However, there had also always been a strong tendency towards the depiction of individual, representative scenes in the history of war-related art. Beginning with Greek vase-painting, some artists had to make good use of their limited space for depiction and thus chose scenes that would best represent the conflict in question. The same is true for a lot of images from illuminated chronicles, which also exhibit the tendency for small, orderly battle scenes that summarise the events of the battle in a compact way. For that purpose realistic proportions are often sacrificed to create a depiction that captures the whole of the battle in one image. Larger battle scenes can be found in the late Dutch or German Gothic art. A prominent example is Albrecht Altdorfer’s The Battle of Alexander at Issus , which, being part of a larger cycle of historical paintings that were commissioned by William IV, Duke of Bavaria, tries to grasp the full scope of the battle by depicting the two large armies pitted against each other with the two opposing leaders being small figures in the masses of soldiers. Furthermore, the painting exhibits another aspect that prevailed in the arts until the Renaissance: both the Greek and the Persian armies are portrayed as medieval knights; thus subjected to a “transculturation”. This peculiar aspect can also be found in many illuminated documents from early medieval times and has its roots in the fact that the artists responsible never had access to any material that might have helped them to develop a realistic depiction. However, that changed with the Renaissance and the rise of cultural exchange, archaeological discoveries and a new interest in painting in a realist manner. Art in general became more precise and differentiated.

The late 19 th century saw a rise in paintings about contemporary battles that were less focused on particular leading figures but instead depicted detailed scenes putting equal – if not more – emphasis on the common soldier. This trend continued with advances in photography which suddenly enabled “true realism” – the opportunity to show and document all facets of war and give the interested viewer access to the material in a speed that had been impossible before.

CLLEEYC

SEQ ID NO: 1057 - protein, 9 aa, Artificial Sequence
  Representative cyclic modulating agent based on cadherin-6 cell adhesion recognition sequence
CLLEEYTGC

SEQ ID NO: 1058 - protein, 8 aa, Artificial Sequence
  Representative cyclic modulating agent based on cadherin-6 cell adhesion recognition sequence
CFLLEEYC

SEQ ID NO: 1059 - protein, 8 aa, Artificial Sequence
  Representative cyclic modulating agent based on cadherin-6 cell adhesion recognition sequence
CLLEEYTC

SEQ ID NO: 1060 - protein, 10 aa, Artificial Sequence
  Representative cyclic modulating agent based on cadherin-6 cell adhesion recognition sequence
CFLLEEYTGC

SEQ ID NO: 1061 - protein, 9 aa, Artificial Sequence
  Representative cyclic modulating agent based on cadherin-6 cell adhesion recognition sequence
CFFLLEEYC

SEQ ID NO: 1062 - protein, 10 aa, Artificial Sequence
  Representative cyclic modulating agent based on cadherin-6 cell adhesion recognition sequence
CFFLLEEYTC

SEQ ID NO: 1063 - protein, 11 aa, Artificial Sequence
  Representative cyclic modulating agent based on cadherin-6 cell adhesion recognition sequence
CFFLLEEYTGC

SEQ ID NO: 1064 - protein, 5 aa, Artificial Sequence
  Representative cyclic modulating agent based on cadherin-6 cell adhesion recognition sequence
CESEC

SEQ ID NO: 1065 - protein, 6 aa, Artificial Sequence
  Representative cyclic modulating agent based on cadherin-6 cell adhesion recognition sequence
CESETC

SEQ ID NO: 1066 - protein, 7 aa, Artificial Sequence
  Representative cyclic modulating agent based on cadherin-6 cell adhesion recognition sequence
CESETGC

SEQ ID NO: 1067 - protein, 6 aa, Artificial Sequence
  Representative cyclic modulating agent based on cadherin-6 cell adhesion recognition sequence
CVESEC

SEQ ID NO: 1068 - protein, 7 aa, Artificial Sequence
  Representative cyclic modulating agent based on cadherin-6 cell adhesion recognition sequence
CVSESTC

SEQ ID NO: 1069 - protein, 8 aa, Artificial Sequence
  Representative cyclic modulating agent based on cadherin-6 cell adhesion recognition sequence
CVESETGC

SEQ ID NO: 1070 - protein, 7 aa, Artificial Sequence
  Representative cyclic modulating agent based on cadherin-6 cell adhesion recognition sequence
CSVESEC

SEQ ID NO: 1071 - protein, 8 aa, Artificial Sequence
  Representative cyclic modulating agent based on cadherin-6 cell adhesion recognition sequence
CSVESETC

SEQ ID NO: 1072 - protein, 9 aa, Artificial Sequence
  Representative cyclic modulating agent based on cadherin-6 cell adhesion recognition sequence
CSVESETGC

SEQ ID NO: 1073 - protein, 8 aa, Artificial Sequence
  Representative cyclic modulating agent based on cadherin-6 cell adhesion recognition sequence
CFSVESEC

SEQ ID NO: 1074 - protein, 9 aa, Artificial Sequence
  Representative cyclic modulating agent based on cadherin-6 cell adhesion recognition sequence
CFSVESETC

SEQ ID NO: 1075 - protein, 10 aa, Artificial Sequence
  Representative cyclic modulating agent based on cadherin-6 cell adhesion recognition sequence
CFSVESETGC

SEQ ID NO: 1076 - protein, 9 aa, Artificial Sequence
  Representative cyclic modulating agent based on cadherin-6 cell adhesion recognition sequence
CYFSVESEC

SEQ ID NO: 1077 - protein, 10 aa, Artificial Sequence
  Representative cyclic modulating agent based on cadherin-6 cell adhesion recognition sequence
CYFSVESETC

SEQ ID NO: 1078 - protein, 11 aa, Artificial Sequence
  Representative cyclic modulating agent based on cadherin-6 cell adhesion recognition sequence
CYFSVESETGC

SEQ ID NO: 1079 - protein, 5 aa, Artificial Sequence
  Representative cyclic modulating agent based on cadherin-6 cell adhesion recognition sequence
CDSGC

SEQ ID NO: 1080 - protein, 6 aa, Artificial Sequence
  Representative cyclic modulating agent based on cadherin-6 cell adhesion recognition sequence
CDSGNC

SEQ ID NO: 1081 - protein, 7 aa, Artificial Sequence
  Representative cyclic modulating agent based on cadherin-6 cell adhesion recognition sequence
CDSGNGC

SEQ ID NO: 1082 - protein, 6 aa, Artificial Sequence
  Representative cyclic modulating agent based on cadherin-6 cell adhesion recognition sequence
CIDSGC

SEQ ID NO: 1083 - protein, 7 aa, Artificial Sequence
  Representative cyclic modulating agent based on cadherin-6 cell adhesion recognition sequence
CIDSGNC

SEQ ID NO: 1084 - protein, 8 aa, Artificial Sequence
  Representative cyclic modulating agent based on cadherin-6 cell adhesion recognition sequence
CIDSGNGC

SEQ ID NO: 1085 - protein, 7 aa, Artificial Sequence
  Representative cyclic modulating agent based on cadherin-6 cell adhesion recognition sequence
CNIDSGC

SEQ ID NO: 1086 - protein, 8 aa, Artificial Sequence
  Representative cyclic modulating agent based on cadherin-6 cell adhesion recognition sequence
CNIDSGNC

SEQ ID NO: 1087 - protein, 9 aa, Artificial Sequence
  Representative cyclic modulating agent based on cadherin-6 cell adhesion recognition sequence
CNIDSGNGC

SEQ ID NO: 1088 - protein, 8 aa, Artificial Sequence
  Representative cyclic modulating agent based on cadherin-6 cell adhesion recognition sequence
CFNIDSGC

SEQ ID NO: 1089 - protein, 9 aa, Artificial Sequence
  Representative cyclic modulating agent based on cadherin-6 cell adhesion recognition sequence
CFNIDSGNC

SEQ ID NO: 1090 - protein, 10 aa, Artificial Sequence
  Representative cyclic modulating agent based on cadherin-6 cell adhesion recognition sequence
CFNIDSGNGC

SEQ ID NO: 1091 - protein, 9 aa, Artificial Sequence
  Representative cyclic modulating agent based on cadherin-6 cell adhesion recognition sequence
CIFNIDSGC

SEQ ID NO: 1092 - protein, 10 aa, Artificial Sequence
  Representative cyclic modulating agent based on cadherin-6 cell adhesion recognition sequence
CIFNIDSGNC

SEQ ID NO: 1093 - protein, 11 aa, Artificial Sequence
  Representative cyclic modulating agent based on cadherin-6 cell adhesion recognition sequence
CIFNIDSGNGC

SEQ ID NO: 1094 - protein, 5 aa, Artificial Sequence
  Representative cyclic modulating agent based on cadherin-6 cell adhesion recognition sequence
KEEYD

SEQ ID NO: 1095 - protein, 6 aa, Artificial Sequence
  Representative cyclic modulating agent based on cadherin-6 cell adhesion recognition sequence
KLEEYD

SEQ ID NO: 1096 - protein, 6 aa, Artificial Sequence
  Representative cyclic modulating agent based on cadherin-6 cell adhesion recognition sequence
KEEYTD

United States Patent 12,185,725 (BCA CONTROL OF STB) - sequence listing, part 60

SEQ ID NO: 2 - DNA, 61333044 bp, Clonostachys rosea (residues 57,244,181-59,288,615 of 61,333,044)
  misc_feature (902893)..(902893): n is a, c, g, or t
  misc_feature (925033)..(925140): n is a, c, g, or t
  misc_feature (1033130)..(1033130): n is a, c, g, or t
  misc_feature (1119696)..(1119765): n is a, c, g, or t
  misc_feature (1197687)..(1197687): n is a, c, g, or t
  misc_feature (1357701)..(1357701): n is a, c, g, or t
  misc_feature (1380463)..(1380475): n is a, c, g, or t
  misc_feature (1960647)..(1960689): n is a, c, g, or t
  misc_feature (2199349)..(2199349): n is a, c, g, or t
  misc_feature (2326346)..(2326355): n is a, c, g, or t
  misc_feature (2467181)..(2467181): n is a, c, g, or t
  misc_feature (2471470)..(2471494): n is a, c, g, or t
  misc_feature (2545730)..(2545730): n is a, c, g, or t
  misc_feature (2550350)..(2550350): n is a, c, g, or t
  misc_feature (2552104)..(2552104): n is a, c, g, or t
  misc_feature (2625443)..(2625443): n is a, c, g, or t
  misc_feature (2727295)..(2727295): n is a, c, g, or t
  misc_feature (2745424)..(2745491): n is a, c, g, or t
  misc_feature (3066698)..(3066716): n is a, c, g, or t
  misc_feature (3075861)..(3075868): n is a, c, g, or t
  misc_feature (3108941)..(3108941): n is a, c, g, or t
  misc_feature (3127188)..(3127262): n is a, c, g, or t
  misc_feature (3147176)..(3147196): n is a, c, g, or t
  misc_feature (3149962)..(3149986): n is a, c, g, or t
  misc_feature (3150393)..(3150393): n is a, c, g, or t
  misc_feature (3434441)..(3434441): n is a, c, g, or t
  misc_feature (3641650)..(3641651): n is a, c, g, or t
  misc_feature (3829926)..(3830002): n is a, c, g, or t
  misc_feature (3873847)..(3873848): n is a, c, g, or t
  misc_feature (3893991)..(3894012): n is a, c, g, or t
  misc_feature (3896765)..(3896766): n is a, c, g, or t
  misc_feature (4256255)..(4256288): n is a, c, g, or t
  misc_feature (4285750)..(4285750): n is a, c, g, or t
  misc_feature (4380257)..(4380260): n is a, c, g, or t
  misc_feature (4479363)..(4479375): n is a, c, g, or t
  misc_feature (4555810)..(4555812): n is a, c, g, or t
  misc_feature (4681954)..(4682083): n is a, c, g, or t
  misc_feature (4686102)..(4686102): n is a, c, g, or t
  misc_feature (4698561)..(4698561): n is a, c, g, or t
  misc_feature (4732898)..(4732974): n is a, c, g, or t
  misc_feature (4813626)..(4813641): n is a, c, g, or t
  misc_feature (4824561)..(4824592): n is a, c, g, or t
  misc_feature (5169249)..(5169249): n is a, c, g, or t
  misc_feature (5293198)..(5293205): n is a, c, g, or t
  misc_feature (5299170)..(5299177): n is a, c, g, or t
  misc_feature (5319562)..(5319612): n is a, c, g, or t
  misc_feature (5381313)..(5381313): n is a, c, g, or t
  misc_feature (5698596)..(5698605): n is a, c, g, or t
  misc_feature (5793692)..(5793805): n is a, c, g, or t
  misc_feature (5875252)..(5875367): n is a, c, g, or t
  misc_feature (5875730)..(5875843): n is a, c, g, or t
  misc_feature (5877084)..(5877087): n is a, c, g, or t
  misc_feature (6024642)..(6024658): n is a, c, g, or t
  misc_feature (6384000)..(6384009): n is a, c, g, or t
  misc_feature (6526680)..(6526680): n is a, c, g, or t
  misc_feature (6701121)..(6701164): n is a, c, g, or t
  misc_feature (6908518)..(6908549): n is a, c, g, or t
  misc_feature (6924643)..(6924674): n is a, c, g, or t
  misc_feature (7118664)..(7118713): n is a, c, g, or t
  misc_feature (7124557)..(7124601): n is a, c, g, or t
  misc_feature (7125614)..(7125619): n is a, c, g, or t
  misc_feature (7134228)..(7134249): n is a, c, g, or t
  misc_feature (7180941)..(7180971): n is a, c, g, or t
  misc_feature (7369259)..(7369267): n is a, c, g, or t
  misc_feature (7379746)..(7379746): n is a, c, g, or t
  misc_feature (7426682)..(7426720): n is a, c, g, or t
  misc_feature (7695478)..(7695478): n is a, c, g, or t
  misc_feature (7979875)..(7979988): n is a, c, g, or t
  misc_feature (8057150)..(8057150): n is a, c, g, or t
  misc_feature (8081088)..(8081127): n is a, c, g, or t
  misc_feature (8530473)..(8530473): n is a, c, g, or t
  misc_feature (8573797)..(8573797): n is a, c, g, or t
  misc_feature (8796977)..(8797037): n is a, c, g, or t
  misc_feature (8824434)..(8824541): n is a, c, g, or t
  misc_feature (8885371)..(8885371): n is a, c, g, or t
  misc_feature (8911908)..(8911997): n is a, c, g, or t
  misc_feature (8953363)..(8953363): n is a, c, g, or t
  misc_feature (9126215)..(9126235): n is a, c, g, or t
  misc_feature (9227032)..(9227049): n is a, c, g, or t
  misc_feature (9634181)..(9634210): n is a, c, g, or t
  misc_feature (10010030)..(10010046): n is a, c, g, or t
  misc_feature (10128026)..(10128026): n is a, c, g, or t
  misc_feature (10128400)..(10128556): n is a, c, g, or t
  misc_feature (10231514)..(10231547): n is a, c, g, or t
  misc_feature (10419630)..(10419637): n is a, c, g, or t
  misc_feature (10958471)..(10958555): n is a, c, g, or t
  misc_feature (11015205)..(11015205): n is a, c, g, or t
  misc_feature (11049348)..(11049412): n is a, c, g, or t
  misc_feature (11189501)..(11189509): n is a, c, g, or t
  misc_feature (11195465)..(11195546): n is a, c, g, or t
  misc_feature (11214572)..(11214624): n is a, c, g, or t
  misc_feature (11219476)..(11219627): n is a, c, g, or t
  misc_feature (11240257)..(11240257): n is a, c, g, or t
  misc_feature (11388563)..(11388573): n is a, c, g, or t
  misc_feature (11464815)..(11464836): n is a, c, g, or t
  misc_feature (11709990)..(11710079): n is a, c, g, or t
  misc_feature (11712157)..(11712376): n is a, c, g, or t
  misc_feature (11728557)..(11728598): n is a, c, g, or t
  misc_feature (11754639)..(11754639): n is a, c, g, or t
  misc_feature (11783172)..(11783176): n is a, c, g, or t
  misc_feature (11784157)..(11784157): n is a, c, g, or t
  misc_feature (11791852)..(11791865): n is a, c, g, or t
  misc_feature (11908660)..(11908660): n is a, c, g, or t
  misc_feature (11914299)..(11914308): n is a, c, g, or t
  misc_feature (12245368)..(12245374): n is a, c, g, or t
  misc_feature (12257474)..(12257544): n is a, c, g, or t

Leonardo da Vinci , Cavalry Battle , Study for the Battle of Anghiari , c. 1504.
Ink on paper, 14.7 x 15.5 cm .
Gallerie dell ’ Accademia, Venice.
Leonardo da Vinci , Study of a soldier holding a lance, 1503-1504.
Red chalk on paper, 22.7 x 18.6 cm .
Szépmüvészeti Múzeum, Budapest.


The Artists of War

“ We were specialists in camouflage, but at that time were fighting for our lives as ordinary infantry. The unit was composed of artists, since it was the theory of someone in the Army that we would be especially good at camouflage. ” (Kurt Vonnegut, Bluebeard )

For centuries, battles were just one of the many motives the multi-faceted artist chose to depict. His motivation was usually of a purely aesthetic nature or on occasion, financial when he was commissioned to create such a painting. This started to change around the time of the American Revolution, when artists such as John Trumbull or Emanuel Leutze (painter of the famous Washington Crossing the Delaware; situated in The Metropolitan Museum of Art in New York), started to focus more on or even specialise in war-related art. This is not surprising, since this development can be retraced in the world of art in general. While there have always been outstanding artists that worked in multiple fields and never settled on one subject, a certain trend started to evolve roughly after the Renaissance. Artists chose one thematic field which they adhered to for the majority of their creative life. In war-related art this development continued as such. Apart from the “civilian” artists that chose to make the wars of their country the subject of their art, even governments started to appoint official war artists, who partly served in the army themselves, and commissioned them to document conflicts. From there it was only a short step to armies developing specific art programmes and the “embedded artist” – an artist-soldier, whose impressions of war and conflict were at the same time absolutely subjective but also unadulterated. In the same way, the function of the war photographer rose to prominence. It is in this context that the term “documentary” can truly be applied to war-related art. Not that the impressions captured by war artists and photographers are beyond bias or distortion, but even if they just chronicle one person’s subjective war experience, they already transcend centuries of war paintings in terms of realistic, documentary quality. However, this truthfulness heralded at the same time the end of war art in its then current form. Artists who fought in World War I did not come back with impressions of noble warriors assaulting enemy positions, recklessly brave cavalry charges or cunning manoeuvres. Instead they showed the horror of losing friends to gas attacks or being crushed by tanks and the gruelling experience of trench warfare, being under constant artillery fire. In a way, this World War brought about the end of glorification of war in art.